Money, Money, Money: How to Prepare Your Finances for Divorce
When it comes to divorce, money is a big issue. Getting your fair share of the financial assets is important so you can live independently and provide for your children. So, how do you protect yourself? Your best option is to make a financial plan early in the negotiation process that will help you preserve your monetary contributions to the relationship. By taking the following steps, you'll have a better chance at financial independence after your divorce is final.Collect Your Financial Paperwork
Your first step is to gather all of your pertinent financial records. This includes five years of back pay stubs, bank statements and tax returns, as well as any information on investment accounts and property owned. Be sure to make copies of everything and store them in a safe place, whether it's at your parents' house or safe deposit box to protect you in case an important piece goes missing.Take Inventory of Your Personal Assets
Make a list of everything that's yours alone. Money and property acquired during the relationship are normally considered marital assets, but inheritances, gifts, and anything you owned before the marriage can be considered separate property. Record your valuables with date-stamped, digital photos because high-value objects can sometimes go missing during the divorce process.Make a Budget and Cut Expenses
A divorce means downgrading from two paychecks to a single income. Add the cost of your divorce proceedings to your list of bills and you'll see you need to make some cutbacks. As soon as you realize divorce is a possibility, make a budget based on your income and decide what expenses aren't necessities.Check Your Credit Report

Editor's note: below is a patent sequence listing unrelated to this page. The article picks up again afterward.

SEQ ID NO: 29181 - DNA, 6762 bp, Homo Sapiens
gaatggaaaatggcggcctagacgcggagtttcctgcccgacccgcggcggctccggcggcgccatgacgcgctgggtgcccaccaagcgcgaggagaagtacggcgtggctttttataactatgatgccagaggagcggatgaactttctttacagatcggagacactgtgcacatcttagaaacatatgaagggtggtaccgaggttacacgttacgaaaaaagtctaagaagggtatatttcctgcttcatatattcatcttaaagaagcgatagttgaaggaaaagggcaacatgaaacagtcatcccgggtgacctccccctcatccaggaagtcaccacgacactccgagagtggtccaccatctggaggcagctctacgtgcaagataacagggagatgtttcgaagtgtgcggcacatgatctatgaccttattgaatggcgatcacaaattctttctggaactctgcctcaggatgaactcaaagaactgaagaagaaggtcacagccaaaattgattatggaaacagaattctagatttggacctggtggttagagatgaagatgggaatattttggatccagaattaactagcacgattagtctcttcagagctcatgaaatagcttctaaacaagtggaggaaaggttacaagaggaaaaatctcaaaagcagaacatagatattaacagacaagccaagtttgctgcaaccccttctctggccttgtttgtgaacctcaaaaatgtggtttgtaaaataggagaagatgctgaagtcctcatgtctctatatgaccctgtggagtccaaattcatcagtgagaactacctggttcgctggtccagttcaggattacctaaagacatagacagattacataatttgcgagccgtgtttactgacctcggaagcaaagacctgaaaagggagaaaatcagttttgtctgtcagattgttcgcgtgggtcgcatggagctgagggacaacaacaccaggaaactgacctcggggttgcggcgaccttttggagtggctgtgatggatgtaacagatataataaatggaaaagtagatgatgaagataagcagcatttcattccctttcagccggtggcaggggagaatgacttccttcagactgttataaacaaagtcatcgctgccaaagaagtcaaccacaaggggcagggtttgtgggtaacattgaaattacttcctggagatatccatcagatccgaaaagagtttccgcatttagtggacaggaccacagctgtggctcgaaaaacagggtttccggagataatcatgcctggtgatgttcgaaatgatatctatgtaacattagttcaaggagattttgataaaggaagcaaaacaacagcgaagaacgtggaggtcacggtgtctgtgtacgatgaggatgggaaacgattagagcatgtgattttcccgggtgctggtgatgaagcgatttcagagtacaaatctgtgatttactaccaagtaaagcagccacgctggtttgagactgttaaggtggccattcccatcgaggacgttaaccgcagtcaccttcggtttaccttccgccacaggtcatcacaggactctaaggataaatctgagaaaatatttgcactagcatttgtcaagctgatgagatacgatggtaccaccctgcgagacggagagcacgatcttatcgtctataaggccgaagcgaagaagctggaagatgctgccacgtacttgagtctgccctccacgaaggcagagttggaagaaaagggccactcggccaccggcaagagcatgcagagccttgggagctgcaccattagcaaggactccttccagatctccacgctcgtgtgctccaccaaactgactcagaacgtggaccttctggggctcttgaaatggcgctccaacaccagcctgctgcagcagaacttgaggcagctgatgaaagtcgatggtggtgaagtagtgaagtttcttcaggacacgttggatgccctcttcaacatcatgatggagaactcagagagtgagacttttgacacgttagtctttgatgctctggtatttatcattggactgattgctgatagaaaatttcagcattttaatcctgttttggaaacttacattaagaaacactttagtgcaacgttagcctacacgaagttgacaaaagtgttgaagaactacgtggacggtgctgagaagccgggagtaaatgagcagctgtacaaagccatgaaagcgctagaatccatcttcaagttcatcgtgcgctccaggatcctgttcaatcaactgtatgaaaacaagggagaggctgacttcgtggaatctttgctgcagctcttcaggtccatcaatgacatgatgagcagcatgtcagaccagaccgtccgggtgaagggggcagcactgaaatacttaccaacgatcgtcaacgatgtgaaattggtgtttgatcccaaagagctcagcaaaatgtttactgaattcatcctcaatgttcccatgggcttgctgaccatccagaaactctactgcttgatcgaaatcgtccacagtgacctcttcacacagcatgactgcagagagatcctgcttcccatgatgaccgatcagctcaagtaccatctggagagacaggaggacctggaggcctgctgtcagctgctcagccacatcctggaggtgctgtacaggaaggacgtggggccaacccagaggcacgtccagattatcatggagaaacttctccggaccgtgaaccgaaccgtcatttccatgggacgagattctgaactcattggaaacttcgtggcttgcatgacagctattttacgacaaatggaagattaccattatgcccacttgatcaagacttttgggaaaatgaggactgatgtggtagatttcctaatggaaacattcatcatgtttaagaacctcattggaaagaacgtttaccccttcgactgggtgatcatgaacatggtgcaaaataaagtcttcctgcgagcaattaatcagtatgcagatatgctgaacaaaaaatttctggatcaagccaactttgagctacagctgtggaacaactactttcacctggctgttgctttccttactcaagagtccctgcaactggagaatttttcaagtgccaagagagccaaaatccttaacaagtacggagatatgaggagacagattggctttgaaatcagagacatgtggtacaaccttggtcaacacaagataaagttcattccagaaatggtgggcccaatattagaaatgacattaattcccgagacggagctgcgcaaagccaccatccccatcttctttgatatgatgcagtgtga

On top of a budget, you'll need to pay attention to your credit score and outstanding debt. You can do this by asking for copies of your credit report from the three major credit bureaus. Look for anything suspicious, but if something doesn't add up, contact your family law attorney before you ask your spouse for a full records disclosure.Open New Accounts
As soon as you realize that you're parting from your spouse, it's important to open your own checking and savings accounts at a bank other than the one you used for your joint account. This will safeguard your confidentiality. You should also consider getting a credit card that's in your name only and use it to strengthen and build your credit score.
Getting a divorce can be as expensive as it is painful. By getting your finances in order before your court proceedings, you can help protect your assets and build a better life for yourself and your children. The lawyers at the FAB Law Firm are here to help you cut costs by giving you an in-person case evaluation for just $150. Let us work to get you your fair share.